Cleveland Creates a Right to Counsel for Tenants Facing Eviction
In the vanguard of cities establishing a right to counsel for low-income households facing evictions, Cleveland requires annual reports on the city's program.
Before the COVID-19 pandemic, the city of Cleveland, Ohio, processed approximately 9,000 eviction filings annually, which disproportionately affected African-American and female households. Roughly 60 percent of evictions in Cleveland were filed against households with children. Only 1 to 2 percent of Cleveland residents facing eviction had legal representation, leading the city to enact Ordinance 1001-2019, which established a right to counsel for tenants facing eviction. Cleveland was the fourth city in the United States and the first city in the Midwest to pass such a law, which went into effect in July 2020. The ordinance states that renters facing eviction who have an annual income at or below 100 percent of the federal poverty level and at least one child living with them will be provided a lawyer during eviction proceedings. The ordinance requires legal services to be provided as soon as possible when court proceedings begin and no later than the tenant's first appearance in housing court. In 2021, the city allocated $300,000 for the right to counsel program. However, most of the program's budget of nearly $2.4 million has come from philanthropic sources.
In 2022, United Way of Greater Cleveland and the Legal Aid Society of Cleveland, which had partnered with the city to administer the right to counsel program, submitted to the city council a mandated evaluation of the program's first full year. The Legal Aid Society provided counsel to more than 850 residents through the program. Seventy-two percent of these clients were African American; 77 percent were women; and 64 percent had more than one child in the house. Most program clients achieved favorable outcomes on at least some of their claims. Ninety-three percent of clients seeking to avoid an eviction judgment were successful, and more than 90 percent of those who wanted more time to move were able to stay for at least 30 more days. All but 3 of the 94 tenants seeking monetary relief received it.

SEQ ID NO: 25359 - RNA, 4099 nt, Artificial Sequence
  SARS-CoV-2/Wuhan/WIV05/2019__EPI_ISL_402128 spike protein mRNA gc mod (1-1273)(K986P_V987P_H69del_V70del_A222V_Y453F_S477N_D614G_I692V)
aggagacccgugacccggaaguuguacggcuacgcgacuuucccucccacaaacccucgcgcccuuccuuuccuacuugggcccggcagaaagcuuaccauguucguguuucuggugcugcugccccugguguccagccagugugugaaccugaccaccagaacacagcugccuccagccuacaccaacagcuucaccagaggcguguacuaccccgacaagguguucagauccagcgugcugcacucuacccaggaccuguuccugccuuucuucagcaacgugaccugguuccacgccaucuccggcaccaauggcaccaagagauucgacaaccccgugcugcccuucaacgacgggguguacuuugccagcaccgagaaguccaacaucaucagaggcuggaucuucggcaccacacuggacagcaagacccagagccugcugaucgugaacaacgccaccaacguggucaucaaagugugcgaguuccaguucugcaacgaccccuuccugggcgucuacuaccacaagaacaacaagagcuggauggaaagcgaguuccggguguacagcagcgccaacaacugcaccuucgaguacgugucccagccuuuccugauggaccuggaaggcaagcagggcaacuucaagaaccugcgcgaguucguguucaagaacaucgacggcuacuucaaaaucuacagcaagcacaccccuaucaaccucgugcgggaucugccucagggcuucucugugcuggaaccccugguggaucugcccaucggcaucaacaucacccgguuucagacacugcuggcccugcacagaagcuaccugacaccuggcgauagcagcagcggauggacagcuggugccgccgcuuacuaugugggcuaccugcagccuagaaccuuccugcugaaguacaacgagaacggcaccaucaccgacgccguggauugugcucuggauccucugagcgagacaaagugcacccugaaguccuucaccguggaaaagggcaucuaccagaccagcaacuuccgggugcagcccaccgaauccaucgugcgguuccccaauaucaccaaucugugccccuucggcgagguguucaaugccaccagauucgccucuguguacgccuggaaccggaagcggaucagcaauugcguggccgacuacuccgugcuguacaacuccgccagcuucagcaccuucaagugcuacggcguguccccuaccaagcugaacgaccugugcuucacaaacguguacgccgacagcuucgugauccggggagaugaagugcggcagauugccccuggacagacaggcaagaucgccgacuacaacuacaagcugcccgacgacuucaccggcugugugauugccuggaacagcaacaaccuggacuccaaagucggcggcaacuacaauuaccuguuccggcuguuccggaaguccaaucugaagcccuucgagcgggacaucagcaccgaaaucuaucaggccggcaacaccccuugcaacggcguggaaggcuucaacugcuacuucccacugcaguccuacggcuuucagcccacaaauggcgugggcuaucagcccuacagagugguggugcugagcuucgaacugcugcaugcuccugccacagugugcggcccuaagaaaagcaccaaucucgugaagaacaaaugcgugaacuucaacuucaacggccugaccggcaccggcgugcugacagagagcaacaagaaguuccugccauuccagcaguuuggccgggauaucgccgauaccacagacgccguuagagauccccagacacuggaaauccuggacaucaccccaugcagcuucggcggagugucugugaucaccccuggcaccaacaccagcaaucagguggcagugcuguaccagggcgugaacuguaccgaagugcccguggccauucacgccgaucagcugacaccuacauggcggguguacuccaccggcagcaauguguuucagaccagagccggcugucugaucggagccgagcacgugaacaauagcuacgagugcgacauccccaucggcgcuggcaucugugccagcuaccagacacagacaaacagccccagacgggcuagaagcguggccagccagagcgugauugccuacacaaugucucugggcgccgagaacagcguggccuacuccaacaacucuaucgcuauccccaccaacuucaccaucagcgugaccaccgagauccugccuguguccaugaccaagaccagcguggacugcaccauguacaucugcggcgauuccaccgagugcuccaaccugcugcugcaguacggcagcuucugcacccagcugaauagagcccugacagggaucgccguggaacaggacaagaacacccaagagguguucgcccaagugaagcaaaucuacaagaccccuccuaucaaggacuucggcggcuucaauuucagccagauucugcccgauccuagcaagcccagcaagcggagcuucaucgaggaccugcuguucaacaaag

In addition to the benefits to tenants, the report notes that state and local governments realized economic benefits of between $4.3 and $4.7 million. These benefits were primarily the result of money saved on housing for evicted persons. Researchers estimate savings of more than $1 million for emergency shelters or transitional housing, approximately $600,000 for foster care, and more than $100,000 for Medicaid. Based on an estimate of the number of evicted tenants who would have left Cleveland, the report estimates that the Cleveland Metropolitan School District retained approximately 40 students and thus kept more than $1 million in federal and state funding allocated on a per-pupil basis. Separately, the city likely preserved approximately $1.5 million in economic value by avoiding outmigration.
The report also identifies unquantified economic benefits from the program, most of which arise from the secondary impacts of eviction. For example, families who lose stable housing might have less money to spend on other goods and services, which reduces sales tax revenue. In addition, residents can lose their jobs after being evicted, which often leads to a need for publicly funded benefits. The academic performance of children with unstable housing is likely to suffer and require costly attention in school. Evictions can also lead to an increase in mental health issues for residents of all ages and a subsequent increase in healthcare costs. The researchers also note that individuals who are not evicted preserve their credit scores and tenant histories.
In addition to suggesting ways to improve future evaluations, the report proposes program reforms. The researchers suggest forming advisory councils of tenants and landlords to gather feedback on the program. Discussions with landlords' attorneys revealed that landlords often want to work with renters to avoid eviction. Some of these lawyers suggested that eviction diversion or mediation programs could help improve the right to counsel program, particularly when the disputes are only over rent payment. Effective training for attorneys, assistance from social workers, and sustained emergency rental assistance for tenants could also enhance the right to counsel program.
Click here to access the text of Ordinance 1001-2019 and information about how it addresses regulatory barriers. Find more plans, regulations, and research that state and local governments can use to reduce impediments to affordable housing at HUD USER's Regulatory Barriers Clearinghouse.